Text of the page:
(Oral Surg Oral Med Oral Pathol Oral Radiol Endod 2010; 110: 657-

(Oral Surg Oral Med Oral Pathol Oral Radiol Endod 2010; 110: 657-664)”
“Wild olive (O. europaea ssp cuspidata) plants

grow in various regions of Iran and are expected to have considerable genetic diversity due to adaptation to the various environmental conditions. We examined the genetic diversity of four populations of wild olive growing in Hormozgan Province located in southern Iran by using 30 RAPDs and 10 ISSR markers. The mean value of polymorphism for RAPD loci was 73.71%, while the value for ISSR loci was 81.74%. The Keshar population had the highest value of intra-population polymorphism for both RAPD and AZD1208 ISSR loci (66.86 and 62.71%, respectively), while the Tudar population had the lowest values (20.35 and 28.81%, respectively). Similarly, the highest and lowest number of effective alleles, Shannon index and Nei’s genetic diversity were also found for these two populations. The highest value of H-pop/H-sp within population genetic diversity for RAPD and ISSR loci was XMU-MP-1 mouse found for the Keshar population (H-pop = 0.85 and H-sp = 0.90). OPA04-750, OPA13-650 and OPA02-350 RAPD bands were specific for

Tudar, Bondon and Keshar populations, respectively, while no specific ISSR bands were observed. Analysis of molecular variance as well as the pairwise F-ST test showed significant differences for RAPD and ISSR markers among the populations. The NJ and UPGMA trees also separated the wild olive populations from each other, indicating their genetic distinctness. UPGMA clustering of the four wild olive populations placed the Tudar population far from the other populations; Keshar and Bokhoon population samples revealed more similarity and were grouped together. We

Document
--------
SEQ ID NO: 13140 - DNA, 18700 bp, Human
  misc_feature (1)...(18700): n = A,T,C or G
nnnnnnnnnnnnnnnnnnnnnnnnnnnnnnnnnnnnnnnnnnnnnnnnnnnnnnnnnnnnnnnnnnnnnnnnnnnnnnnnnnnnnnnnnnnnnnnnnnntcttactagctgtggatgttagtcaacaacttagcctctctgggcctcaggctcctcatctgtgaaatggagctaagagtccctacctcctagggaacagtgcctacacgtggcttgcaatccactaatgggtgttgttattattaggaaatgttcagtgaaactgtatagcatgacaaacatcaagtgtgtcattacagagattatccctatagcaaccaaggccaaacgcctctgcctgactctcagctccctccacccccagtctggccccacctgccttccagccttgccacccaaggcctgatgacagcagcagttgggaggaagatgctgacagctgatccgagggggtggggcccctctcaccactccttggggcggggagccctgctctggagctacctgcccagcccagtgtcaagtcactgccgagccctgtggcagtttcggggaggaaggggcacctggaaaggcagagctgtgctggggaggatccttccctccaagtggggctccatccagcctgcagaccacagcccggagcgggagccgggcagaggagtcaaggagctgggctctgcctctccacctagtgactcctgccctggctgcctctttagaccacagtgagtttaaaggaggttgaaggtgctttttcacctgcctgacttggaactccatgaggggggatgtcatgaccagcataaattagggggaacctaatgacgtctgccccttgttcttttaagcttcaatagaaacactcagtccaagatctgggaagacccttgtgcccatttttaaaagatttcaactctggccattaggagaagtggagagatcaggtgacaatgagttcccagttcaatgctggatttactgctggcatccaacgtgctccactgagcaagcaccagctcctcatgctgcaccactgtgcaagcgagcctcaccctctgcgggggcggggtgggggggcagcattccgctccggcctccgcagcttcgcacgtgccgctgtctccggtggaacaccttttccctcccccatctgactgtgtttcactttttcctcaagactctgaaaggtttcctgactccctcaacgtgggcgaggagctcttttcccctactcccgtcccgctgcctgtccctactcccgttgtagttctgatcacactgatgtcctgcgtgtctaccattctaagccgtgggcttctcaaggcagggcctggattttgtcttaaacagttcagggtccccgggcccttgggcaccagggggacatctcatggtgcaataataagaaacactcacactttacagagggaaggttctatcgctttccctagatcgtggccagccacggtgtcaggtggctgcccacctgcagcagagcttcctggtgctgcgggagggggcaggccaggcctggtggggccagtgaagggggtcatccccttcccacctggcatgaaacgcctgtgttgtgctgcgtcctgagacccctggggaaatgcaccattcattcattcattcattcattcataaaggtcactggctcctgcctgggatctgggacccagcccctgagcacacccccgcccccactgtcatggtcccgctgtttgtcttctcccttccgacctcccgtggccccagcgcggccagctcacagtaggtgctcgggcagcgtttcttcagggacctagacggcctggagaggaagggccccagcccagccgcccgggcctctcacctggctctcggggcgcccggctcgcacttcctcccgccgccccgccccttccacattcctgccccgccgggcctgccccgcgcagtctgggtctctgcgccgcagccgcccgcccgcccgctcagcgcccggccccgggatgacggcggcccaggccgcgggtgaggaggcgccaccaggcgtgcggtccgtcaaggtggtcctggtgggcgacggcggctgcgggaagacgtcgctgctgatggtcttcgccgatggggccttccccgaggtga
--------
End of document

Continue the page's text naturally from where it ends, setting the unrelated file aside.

conclude that there is high genetic diversity among O. europaea ssp cuspidata populations located in southern Iran. We also found RAPD and ISSR markers 5-Fluoracil inhibitor to be useful molecular tools to discriminate and evaluate genetic variations in wild olive trees.”
“Chemical doping is one of the major methods by which the properties of BaTiO3 are modified to induce various device characteristics. Doping strategies are generally separated into iso- and aliovalent (donors and acceptors) and into A-and B-site species within the perovskite structure. The A(1g) octahedral breathing mode at similar to 800 cm(-1) in BaTiO3 is Raman inactive for compositions with single B-site species. However, this mode becomes Raman active if more than one B-site species is present, including titanium vacancies, V-T””. Moreover, the relative intensity of the A(1g) breathing mode is qualitatively related to the concentration of the species replacing Ti in the B-site.

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